What’s Big Data? And what’s so big about it?

Why Big Data? And what’s so big about it?

At first glance at the term, you may conclude its definition, and you may go “Hey, it definitely isn’t what it sounds like”.

Actually, it is exactly what it sounds like.

Let’s just take a quick reminder of what “data” is:
Data is synonymous with information. In computer science, data is a representation of information, and it can have many forms and structures (e.g.: tables, trees, graphs, etc….).

So what exactly is Big Data?

Like we said, it is exactly what it sounds like, Big Data is a collection of very large and complex data sets, so large that the traditional methods of data processing like database management systems and file systems isn’t just doing it anymore.

How big is it, you might ask?

Well, let’s just say your hard drive is of size 1 Terabytes (1000 Gigabytes), if you’re one of the majority of people who uses the PC just for browsing the internet, checking multimedia ,or playing video games, then you’ll be really satisfied by how much free space you have now on your hard drive and how pretty much you will never delete any data on it.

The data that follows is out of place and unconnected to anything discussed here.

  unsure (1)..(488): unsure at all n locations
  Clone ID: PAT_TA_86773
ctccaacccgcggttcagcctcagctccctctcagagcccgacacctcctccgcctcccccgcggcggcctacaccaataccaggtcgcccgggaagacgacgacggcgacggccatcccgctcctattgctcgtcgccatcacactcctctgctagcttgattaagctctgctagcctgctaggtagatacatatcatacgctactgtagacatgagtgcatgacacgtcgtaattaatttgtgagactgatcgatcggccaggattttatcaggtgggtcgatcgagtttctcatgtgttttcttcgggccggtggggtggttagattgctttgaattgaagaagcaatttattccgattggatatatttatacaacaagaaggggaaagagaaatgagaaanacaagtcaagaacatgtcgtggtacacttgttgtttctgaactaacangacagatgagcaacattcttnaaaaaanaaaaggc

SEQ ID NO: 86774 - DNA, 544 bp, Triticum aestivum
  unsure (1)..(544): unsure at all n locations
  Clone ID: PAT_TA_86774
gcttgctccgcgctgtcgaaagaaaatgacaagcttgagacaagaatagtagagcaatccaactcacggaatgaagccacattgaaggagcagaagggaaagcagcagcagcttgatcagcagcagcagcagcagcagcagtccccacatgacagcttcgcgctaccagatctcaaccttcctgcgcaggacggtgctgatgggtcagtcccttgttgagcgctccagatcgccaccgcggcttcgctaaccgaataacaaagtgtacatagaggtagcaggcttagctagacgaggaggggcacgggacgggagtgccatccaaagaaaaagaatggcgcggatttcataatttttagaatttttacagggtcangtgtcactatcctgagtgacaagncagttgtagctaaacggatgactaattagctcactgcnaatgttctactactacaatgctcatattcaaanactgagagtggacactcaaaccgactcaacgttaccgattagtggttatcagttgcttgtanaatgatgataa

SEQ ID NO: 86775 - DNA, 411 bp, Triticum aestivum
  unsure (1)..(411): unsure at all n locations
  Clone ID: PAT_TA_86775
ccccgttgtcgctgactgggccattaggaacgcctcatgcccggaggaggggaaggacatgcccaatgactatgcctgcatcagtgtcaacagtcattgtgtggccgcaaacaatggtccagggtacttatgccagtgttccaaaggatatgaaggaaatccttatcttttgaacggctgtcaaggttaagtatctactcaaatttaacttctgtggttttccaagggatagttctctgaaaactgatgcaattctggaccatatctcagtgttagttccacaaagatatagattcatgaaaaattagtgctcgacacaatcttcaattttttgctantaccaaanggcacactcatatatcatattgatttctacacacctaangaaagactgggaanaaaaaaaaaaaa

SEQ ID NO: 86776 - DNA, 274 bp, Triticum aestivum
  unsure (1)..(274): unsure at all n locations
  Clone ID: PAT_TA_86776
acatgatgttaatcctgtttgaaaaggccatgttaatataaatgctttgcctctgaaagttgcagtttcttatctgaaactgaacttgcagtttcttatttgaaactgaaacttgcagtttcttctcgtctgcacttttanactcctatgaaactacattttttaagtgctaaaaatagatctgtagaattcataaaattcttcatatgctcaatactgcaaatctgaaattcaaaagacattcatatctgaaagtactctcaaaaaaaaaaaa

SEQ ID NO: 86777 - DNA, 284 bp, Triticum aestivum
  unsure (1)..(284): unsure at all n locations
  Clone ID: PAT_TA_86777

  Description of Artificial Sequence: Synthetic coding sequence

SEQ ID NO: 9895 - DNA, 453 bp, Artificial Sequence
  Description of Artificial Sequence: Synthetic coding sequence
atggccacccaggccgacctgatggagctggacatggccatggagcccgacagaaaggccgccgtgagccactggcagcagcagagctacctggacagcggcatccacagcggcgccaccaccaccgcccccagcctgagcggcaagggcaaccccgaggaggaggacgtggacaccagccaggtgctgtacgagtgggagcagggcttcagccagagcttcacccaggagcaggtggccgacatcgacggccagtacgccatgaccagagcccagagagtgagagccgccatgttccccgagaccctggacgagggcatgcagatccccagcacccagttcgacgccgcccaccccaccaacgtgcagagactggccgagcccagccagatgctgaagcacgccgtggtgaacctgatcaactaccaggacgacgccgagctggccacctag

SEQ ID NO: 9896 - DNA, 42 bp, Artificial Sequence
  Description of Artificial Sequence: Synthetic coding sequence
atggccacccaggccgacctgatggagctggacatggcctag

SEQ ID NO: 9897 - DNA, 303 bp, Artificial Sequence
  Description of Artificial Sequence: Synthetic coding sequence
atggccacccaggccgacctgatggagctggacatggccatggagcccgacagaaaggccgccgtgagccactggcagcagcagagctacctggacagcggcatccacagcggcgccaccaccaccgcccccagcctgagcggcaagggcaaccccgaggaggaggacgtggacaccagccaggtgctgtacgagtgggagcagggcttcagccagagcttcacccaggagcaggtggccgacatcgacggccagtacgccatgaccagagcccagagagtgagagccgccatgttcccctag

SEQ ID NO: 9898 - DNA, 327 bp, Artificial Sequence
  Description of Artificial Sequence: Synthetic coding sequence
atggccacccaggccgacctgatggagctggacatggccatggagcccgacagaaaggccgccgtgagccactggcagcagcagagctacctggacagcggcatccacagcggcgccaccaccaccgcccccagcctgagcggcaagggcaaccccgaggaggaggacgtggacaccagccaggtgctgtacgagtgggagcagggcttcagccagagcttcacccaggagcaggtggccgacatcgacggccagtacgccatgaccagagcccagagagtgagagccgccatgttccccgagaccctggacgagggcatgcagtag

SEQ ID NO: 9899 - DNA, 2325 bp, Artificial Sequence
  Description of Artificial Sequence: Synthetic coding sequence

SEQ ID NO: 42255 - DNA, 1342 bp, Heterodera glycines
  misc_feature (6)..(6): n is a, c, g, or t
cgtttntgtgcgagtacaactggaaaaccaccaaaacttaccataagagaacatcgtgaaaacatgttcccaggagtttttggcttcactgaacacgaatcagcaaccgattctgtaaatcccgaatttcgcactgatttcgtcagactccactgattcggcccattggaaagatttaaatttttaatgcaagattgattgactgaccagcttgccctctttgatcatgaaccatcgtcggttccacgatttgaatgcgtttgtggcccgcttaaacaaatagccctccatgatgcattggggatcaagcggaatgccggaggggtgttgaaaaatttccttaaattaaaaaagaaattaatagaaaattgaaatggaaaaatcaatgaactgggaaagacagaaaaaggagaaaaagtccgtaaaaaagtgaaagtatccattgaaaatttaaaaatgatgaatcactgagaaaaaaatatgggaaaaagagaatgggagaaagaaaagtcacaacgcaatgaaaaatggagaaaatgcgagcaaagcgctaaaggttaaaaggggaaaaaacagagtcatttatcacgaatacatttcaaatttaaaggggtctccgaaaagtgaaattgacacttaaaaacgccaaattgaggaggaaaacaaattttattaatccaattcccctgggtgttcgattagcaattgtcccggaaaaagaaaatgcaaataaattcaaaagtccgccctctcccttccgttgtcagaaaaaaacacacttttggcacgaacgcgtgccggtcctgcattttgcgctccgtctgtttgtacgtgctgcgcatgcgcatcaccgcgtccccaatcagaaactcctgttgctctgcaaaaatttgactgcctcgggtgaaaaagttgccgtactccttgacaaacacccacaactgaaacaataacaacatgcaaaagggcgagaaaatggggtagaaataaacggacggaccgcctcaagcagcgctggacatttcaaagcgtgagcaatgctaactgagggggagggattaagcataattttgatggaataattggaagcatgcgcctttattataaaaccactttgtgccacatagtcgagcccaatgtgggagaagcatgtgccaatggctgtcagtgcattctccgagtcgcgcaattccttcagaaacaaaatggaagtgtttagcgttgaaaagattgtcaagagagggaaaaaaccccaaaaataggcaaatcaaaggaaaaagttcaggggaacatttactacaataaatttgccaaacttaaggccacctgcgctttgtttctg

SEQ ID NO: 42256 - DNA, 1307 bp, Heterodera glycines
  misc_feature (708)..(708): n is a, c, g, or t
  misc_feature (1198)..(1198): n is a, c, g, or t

Well, Big Data may reach to the size of Exabytes, which is 1 billion Gigabytes.
As of 2012, 2.5 exabytes of data are created every day, a size that even the most advanced of info management systems weren’t designed to handle.

Popular Open Source Tools for Big Data

Due to the incredible success of the architecture of MapReduce, an implementation of its framework was adopted by an Apache open source project named Hadoop.

1- Big Data Analysis Platforms and Tools:
Hadoop, MapReduce, GridGain, Storm
2- Databases/Data Warehouses
Cassandra, HBase, MongoDB
CouchDB, Redis
3- Business Intelligence Talend
4- Data Mining RapidMiner/RapidAnalytics
Mahout, Orange
5- Big Data Search
Lucene, Solr

“Information is the oil of the 21st century, and analytics is the combustion engine.”

In 2004, Google published a paper describing a new process called MapReduce that provides a parallel processing model consisting of nodes in which the queries are split, distributed and processed (Map). The results are then gathered and delivered (Reduce).

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